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Article
May 1949

IS IT POSSIBLE TO COVER THE FENESTRA NOV-OVALIS WITH SHRAPNELL'S MEMBRANE?An Anatomic Study

Author Affiliations

NEW YORK
From the Department of Otolaryngology, Mount Sinai Hospital.

Arch Otolaryngol. 1949;49(5):529-534. doi:10.1001/archotol.1949.03760110085006
Abstract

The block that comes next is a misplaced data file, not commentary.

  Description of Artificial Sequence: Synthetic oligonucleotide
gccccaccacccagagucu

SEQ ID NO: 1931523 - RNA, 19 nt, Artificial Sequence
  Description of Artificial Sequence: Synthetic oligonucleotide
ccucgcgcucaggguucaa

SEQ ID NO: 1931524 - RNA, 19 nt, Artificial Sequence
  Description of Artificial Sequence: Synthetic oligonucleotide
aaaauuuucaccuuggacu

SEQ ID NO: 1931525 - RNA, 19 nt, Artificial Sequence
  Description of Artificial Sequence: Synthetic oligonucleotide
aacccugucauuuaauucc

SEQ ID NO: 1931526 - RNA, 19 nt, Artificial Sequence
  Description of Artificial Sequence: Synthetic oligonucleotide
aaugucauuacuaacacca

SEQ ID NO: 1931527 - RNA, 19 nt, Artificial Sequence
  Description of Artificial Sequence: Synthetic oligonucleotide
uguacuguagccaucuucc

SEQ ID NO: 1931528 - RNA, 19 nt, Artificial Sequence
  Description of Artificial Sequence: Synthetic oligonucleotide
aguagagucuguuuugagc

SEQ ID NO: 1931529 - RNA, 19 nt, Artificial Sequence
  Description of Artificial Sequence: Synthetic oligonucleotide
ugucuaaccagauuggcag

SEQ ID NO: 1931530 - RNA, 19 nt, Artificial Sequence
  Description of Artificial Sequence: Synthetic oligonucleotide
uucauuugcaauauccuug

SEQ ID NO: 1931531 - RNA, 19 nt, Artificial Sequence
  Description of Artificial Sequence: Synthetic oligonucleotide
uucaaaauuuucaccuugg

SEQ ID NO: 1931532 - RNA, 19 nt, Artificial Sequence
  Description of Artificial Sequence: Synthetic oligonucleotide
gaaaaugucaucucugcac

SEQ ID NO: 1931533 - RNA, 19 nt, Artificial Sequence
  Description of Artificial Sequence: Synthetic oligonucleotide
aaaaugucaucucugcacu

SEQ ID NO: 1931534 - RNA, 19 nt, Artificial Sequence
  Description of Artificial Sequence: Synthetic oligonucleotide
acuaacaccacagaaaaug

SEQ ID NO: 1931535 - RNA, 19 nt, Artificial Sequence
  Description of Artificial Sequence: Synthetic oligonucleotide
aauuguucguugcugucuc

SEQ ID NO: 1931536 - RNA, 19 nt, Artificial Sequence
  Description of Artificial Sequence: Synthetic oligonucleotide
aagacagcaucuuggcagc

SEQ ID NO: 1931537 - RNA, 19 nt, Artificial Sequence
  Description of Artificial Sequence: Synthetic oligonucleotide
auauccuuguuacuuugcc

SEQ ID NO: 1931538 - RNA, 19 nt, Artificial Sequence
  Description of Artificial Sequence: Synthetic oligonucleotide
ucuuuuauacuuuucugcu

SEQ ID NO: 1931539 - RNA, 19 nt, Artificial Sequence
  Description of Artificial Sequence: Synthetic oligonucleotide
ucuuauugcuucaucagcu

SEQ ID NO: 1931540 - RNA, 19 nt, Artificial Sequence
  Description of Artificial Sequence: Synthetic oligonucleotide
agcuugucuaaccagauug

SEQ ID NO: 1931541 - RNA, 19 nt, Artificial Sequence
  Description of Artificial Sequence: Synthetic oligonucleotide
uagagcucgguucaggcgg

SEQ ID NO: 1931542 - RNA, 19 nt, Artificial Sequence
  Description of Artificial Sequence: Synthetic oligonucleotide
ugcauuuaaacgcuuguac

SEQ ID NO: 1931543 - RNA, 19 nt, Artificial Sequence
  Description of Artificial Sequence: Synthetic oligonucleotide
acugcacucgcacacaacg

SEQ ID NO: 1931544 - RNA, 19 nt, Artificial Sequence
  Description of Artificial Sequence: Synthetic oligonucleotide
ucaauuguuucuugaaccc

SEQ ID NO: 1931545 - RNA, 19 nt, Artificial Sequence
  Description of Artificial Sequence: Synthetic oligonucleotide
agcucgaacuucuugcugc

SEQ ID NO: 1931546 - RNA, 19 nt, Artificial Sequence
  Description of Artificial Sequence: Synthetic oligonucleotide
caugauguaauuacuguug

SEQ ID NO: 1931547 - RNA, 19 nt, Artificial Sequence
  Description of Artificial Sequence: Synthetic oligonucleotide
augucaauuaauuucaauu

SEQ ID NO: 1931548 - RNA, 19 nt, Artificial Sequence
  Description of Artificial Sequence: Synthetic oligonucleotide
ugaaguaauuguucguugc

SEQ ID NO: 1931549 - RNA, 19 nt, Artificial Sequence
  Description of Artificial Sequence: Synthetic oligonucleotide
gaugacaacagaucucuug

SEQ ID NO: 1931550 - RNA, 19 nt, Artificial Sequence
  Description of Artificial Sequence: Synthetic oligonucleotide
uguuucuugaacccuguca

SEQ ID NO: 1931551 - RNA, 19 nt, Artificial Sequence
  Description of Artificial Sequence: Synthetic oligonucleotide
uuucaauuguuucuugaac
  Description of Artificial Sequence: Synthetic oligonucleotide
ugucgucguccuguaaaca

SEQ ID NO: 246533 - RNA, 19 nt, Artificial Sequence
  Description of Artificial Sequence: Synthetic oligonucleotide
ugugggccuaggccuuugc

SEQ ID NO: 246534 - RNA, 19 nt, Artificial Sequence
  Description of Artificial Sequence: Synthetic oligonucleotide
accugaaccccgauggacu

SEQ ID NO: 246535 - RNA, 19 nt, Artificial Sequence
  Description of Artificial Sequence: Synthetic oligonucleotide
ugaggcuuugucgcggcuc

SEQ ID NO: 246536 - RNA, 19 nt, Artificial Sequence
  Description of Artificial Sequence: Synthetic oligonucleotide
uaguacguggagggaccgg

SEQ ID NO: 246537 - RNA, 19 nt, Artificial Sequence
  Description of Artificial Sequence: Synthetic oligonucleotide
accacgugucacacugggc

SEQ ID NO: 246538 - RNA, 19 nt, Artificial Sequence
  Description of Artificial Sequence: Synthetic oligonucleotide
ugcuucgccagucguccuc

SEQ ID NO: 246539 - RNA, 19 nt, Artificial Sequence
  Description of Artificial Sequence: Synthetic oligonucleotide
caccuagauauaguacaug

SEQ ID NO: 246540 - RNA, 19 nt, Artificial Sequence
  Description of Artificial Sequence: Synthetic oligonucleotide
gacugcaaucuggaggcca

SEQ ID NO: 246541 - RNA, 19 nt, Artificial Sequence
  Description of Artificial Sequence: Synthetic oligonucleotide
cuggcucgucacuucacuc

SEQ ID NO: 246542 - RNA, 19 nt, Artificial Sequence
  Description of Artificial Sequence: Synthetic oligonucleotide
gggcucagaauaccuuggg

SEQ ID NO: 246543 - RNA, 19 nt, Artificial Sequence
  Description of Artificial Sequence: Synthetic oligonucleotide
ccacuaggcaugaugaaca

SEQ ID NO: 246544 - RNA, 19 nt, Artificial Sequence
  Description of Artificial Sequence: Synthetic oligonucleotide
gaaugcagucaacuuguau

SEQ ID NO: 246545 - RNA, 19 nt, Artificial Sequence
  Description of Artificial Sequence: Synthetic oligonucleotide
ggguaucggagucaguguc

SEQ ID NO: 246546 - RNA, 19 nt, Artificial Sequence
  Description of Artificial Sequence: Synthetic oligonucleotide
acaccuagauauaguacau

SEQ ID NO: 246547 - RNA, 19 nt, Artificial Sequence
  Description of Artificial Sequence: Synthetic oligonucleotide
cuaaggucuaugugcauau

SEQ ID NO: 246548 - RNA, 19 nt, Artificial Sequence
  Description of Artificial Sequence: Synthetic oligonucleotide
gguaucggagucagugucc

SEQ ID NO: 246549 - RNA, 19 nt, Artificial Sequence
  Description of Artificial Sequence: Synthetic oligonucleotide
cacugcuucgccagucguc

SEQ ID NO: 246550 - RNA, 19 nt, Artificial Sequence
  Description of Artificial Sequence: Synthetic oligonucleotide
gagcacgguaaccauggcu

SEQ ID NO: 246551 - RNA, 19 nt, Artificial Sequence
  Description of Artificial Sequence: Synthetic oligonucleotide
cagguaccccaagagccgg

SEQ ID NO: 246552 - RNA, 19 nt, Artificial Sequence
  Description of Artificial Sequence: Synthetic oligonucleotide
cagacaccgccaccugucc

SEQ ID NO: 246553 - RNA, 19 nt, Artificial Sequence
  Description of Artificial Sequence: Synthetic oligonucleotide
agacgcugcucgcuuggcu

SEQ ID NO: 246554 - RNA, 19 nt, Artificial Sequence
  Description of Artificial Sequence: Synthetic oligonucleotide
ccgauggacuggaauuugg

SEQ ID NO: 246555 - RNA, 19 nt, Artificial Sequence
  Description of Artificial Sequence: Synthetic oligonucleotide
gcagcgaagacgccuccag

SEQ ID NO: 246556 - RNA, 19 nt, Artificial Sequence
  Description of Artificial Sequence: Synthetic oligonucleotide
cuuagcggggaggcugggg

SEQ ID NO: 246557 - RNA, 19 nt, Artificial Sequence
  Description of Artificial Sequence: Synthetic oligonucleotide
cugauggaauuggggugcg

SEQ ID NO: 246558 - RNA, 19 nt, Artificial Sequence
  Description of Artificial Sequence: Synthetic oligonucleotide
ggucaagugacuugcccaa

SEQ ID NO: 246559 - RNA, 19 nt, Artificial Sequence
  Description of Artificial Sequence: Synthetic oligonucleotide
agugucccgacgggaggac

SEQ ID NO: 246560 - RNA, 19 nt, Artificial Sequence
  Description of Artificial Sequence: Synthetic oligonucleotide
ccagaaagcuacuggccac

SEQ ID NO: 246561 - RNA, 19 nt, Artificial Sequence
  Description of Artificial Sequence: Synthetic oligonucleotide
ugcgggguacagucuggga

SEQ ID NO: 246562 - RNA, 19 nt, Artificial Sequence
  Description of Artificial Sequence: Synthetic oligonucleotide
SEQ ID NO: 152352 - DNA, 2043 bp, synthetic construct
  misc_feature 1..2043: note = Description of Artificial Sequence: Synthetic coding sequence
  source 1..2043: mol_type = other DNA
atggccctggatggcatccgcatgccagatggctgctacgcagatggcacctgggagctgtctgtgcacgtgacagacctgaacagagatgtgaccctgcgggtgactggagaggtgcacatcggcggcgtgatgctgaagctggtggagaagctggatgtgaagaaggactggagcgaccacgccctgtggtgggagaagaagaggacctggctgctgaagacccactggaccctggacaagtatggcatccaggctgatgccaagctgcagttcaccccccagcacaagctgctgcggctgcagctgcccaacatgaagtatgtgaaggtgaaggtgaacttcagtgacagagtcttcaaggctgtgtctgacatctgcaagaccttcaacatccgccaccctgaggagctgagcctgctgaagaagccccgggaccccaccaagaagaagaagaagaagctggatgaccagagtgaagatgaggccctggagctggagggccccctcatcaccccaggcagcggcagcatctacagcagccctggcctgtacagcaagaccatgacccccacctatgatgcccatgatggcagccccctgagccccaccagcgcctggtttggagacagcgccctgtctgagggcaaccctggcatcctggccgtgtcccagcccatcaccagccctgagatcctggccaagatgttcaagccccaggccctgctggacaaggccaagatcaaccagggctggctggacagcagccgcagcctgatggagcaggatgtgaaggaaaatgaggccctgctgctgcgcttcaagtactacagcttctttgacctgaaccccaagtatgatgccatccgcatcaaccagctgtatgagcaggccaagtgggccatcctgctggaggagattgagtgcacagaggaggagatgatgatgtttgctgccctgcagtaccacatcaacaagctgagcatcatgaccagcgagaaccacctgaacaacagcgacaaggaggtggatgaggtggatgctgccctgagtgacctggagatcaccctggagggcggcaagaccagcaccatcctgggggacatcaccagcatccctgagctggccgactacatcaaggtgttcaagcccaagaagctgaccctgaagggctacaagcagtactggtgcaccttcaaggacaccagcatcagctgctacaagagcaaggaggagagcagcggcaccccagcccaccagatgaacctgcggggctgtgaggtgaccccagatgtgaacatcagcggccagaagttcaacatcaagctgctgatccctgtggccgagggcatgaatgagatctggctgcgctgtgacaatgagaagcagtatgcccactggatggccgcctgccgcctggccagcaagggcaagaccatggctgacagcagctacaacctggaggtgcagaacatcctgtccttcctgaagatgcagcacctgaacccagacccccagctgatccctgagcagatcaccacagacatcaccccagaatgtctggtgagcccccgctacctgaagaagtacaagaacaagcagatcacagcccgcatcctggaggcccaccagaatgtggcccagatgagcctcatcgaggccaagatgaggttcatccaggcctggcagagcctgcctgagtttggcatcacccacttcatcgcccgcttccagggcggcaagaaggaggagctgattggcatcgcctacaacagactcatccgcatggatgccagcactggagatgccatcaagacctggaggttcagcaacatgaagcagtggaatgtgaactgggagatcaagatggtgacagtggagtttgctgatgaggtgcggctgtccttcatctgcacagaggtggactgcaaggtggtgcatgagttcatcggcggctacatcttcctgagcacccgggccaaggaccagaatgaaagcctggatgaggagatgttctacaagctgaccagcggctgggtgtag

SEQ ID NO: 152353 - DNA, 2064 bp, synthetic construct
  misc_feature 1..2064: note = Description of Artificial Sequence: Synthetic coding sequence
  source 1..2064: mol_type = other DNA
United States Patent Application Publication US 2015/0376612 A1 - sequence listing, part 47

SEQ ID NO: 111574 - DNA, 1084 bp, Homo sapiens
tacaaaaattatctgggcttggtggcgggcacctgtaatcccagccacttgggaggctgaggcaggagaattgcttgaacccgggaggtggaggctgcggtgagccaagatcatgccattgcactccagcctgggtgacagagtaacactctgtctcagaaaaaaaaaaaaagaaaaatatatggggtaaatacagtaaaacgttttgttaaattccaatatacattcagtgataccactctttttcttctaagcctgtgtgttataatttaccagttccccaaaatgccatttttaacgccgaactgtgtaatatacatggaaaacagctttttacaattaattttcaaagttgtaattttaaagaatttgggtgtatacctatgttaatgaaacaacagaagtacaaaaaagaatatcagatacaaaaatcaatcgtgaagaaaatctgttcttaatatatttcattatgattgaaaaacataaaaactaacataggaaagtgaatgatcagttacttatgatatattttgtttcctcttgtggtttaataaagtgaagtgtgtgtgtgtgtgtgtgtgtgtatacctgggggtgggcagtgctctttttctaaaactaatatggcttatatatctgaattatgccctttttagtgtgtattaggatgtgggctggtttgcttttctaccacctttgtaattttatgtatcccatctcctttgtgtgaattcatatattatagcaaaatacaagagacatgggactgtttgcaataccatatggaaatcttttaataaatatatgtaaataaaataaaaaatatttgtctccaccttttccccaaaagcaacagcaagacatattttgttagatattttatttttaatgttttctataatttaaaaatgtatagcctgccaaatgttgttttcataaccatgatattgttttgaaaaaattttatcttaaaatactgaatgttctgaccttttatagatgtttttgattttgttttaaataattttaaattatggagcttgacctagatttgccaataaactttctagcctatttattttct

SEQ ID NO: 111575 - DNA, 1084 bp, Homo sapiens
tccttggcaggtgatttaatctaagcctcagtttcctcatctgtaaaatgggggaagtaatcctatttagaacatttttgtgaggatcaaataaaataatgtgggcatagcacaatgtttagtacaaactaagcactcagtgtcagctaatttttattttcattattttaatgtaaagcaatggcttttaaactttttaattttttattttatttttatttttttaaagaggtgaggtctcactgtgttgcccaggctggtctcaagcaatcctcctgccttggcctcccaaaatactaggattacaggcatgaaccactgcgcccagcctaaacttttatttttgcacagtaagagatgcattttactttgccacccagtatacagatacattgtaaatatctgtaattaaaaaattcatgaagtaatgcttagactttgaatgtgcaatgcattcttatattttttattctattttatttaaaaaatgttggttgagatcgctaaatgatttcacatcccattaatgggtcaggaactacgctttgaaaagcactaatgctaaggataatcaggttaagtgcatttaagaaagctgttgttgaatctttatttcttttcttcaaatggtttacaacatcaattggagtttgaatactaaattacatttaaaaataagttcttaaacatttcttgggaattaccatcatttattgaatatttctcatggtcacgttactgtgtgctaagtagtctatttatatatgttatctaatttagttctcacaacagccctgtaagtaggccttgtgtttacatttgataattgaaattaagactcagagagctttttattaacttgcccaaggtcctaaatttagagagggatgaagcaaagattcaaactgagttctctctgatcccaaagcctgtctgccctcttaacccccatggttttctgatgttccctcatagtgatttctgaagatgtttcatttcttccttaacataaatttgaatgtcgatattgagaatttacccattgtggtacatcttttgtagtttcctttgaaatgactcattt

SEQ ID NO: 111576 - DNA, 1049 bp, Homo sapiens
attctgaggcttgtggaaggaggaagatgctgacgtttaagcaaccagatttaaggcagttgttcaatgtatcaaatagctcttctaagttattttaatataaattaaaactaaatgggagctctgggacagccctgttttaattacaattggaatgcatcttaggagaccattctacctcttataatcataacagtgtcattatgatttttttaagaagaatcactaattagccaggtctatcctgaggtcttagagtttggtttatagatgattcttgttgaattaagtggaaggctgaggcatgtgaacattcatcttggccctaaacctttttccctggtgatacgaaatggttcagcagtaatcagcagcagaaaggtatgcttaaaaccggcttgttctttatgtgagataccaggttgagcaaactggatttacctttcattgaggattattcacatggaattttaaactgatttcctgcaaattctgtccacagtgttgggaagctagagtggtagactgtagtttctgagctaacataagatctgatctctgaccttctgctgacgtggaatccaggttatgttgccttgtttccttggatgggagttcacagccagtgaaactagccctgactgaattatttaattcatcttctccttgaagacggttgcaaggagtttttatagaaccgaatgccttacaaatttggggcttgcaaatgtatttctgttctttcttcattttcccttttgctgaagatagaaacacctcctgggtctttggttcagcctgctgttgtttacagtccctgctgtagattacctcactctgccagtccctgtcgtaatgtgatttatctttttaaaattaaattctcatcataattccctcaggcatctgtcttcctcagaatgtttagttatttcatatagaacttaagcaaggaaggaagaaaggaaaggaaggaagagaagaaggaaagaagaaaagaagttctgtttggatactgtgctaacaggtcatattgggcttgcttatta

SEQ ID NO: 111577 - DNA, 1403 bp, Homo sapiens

THE fenestration operation of today is the result of many successive efforts by otologists all over the world. Sourdille1 created the tympanomeatal plastic flap to seal the widened tympanum and to cover the fenestra. Lempert2 simplified this step and made the one stage technic at once a more practical and more desirable procedure than the many stage fenestration operation of Sourdille. In Lempert's judgment the covering and sealing of the fenestra with Shrapnell's membrane were of prime importance in the surgical technic, and the success or failure of the operation hinged to a great extent on this. In another paper3 Lempert reported that osteogenesis occurred when the fenestra was covered with the meatal skin of the tympanomeatal membrane and that it did not occur when the fenestra was covered with Shrapnell's membrane. He came to the conclusion, therefore, that Shrapnell's membrane discouraged osteogenetic closure when it covered

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